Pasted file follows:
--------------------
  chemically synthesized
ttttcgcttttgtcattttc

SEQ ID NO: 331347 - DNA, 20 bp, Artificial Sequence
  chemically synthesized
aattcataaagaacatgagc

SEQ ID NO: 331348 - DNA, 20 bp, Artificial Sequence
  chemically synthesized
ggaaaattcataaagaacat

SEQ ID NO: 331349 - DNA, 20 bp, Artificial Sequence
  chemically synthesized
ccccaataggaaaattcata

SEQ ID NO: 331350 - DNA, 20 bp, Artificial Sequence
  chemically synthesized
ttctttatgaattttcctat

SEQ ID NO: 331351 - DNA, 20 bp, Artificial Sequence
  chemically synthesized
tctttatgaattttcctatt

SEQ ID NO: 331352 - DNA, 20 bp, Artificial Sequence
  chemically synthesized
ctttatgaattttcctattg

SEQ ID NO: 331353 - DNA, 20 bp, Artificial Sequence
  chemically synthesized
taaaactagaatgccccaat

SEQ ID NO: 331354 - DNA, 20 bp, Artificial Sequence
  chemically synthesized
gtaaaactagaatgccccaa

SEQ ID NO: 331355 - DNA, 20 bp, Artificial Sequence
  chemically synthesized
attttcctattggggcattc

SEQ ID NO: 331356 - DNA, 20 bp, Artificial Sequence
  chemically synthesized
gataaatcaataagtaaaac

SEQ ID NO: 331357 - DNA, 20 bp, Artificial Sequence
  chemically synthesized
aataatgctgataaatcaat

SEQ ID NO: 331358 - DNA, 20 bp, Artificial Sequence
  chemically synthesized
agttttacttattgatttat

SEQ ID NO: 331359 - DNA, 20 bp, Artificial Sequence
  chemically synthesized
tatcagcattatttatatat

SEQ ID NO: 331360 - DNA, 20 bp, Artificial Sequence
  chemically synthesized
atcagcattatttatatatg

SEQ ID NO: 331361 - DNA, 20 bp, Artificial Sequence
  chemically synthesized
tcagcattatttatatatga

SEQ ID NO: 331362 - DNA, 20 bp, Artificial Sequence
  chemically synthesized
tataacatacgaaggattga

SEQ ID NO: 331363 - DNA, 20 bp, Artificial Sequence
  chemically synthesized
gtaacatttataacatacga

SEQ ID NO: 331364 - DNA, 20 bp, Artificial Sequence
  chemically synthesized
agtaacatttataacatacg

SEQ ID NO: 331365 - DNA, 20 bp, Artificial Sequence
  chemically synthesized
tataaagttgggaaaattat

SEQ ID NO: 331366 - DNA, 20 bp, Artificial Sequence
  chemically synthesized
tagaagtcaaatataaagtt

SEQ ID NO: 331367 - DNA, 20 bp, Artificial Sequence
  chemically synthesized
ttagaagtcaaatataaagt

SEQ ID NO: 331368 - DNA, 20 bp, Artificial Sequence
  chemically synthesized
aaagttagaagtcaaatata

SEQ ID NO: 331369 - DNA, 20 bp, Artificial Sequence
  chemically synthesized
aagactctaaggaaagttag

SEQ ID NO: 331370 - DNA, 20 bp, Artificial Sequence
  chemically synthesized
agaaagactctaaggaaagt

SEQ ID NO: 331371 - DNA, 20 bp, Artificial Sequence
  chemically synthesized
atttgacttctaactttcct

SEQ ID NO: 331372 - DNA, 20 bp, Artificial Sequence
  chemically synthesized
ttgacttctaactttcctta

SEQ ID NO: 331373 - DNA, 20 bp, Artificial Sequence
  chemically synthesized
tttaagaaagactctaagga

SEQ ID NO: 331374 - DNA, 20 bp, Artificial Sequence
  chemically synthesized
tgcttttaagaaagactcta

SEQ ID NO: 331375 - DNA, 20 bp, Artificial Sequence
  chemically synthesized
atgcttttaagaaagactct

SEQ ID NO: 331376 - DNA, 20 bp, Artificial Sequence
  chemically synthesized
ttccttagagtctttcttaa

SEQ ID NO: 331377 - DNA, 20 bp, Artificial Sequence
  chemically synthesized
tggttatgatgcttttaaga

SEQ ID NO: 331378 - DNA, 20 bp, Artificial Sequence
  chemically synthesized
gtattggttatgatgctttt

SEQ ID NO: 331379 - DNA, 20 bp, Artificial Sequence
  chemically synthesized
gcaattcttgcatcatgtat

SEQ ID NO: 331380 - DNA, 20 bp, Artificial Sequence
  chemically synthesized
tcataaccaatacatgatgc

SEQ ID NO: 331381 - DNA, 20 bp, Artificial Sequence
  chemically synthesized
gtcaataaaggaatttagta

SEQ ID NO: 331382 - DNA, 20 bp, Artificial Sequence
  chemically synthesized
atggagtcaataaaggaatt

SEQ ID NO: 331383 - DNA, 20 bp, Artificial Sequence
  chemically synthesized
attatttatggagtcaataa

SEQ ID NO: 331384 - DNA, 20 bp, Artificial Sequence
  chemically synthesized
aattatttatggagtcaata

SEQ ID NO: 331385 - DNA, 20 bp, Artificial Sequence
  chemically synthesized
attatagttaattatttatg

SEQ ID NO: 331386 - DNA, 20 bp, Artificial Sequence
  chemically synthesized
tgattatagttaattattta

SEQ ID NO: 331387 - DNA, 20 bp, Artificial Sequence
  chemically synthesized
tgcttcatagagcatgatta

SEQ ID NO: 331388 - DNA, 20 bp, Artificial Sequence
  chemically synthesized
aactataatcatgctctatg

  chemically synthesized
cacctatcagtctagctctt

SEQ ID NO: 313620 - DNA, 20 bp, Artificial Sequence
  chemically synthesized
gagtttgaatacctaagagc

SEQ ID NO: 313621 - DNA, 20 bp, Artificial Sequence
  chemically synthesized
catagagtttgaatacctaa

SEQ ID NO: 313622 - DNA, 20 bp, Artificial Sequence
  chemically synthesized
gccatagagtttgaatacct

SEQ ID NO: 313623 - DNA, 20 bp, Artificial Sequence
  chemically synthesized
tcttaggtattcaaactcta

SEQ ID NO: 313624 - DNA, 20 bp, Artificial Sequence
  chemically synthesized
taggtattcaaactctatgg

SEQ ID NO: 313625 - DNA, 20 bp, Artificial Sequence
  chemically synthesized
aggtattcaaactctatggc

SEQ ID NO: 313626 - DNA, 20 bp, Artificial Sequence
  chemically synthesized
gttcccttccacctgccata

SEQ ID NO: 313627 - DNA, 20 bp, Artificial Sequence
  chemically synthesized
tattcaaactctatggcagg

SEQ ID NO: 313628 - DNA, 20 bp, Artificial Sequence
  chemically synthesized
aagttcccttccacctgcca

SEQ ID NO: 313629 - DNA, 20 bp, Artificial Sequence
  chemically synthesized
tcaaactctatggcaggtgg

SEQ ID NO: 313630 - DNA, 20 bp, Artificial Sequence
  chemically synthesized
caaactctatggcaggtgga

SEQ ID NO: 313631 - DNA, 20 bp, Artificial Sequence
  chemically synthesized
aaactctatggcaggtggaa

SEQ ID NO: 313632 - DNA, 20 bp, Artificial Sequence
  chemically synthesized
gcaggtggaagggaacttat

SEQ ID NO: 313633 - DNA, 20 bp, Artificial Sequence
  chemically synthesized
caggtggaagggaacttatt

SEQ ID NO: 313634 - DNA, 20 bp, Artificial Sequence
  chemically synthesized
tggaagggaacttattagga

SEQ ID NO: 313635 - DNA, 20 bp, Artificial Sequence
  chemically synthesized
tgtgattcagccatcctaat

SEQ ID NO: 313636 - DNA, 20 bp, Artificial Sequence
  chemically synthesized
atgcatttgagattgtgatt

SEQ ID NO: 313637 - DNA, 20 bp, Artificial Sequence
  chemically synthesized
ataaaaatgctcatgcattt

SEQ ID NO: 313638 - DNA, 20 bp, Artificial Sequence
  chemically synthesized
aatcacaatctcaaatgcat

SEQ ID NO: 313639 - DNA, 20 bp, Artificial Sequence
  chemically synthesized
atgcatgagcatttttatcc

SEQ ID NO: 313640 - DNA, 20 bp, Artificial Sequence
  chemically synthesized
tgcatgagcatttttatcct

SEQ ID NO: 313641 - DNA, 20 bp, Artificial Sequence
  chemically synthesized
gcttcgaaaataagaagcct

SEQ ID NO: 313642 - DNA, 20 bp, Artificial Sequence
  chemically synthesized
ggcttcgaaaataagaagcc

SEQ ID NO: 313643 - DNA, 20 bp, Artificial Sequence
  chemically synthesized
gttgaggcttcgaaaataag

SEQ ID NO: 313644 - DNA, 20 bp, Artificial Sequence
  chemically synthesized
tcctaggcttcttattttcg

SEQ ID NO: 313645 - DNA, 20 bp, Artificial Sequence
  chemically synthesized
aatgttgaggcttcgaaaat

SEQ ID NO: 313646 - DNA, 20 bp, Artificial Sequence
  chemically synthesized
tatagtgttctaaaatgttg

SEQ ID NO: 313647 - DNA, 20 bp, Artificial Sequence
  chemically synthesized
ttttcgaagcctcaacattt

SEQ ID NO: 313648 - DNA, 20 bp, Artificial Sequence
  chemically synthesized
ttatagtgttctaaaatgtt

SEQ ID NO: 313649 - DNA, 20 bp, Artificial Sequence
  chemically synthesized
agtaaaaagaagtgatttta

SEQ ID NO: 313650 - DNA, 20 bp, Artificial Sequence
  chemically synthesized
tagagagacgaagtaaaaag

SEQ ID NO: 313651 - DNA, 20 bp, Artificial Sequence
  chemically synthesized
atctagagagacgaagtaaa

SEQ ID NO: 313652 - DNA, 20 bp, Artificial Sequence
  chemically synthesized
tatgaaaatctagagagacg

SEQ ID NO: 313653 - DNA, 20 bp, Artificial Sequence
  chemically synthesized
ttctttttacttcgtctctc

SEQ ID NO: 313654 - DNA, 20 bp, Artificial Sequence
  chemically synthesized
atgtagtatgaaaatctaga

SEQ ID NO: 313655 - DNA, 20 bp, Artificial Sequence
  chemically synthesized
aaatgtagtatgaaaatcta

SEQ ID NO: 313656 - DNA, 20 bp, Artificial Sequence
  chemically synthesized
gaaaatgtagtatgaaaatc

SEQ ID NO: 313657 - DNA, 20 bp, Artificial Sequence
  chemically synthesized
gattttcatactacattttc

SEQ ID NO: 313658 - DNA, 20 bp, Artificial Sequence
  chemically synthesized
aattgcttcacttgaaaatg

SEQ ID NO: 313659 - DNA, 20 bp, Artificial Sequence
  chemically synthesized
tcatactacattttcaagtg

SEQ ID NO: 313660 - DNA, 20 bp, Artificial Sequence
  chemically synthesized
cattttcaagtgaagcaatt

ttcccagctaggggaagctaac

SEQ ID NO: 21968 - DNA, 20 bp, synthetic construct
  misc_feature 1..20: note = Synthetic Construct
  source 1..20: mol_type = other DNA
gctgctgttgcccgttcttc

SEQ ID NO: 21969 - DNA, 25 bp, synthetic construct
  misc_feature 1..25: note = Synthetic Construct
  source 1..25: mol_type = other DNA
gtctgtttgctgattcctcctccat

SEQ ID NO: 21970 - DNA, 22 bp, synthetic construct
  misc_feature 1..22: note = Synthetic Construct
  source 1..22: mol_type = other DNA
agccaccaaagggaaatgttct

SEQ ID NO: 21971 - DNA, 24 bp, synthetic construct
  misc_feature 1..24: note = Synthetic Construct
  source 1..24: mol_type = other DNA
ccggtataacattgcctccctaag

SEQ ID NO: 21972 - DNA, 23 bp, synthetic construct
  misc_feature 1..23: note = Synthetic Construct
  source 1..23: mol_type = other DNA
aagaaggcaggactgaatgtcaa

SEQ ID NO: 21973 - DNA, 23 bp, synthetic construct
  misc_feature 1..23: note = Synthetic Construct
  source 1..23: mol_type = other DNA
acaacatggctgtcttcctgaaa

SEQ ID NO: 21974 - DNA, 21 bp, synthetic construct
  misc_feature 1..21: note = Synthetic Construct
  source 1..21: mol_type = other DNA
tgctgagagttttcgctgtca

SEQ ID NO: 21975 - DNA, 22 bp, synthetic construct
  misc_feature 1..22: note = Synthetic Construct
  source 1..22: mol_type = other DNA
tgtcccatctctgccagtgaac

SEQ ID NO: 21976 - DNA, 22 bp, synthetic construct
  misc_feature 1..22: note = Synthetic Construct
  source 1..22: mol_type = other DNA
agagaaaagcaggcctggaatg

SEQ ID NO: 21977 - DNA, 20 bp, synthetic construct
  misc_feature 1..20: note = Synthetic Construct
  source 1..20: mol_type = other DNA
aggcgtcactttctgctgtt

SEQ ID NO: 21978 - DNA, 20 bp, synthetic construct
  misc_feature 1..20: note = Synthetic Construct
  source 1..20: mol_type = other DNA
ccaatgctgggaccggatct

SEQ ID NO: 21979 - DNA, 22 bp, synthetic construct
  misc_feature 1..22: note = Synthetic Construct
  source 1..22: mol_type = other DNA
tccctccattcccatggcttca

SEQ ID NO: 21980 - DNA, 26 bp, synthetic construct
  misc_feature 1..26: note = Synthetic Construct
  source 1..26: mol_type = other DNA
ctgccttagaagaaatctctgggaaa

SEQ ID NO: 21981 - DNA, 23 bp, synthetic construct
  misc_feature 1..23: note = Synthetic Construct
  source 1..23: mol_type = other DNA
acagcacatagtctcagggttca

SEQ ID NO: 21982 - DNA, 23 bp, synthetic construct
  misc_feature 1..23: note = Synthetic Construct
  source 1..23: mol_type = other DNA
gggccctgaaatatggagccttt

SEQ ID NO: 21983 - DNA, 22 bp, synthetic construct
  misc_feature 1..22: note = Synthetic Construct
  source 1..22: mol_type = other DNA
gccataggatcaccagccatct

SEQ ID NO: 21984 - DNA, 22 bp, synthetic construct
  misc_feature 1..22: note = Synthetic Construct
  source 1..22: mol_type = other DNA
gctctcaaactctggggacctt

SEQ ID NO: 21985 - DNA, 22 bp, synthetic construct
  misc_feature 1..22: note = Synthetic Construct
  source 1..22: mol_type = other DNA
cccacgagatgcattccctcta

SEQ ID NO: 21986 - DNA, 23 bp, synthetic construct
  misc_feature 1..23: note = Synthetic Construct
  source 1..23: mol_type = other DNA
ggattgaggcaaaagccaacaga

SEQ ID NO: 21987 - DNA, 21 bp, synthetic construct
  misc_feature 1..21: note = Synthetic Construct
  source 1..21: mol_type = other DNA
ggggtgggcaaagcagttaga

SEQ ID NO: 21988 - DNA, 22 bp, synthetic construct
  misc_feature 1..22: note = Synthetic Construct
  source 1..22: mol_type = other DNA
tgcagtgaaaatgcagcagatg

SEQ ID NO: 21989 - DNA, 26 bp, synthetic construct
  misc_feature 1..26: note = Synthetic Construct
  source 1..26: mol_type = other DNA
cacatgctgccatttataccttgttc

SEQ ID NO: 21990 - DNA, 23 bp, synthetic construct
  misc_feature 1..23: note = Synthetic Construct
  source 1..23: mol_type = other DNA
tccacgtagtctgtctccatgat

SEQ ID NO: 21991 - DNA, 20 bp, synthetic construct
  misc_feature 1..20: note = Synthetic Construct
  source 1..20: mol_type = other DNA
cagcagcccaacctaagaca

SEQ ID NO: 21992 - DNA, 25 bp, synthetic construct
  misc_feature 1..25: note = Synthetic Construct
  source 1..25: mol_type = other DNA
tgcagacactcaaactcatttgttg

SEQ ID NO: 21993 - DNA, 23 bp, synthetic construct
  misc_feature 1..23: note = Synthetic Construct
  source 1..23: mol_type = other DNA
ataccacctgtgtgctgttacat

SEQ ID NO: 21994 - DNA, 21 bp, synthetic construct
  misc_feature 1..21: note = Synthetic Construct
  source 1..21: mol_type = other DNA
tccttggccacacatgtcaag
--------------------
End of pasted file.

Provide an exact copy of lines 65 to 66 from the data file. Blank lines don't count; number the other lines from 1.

ttagaagtcaaatataaagt

SEQ ID NO: 331368 - DNA, 20 bp, Artificial Sequence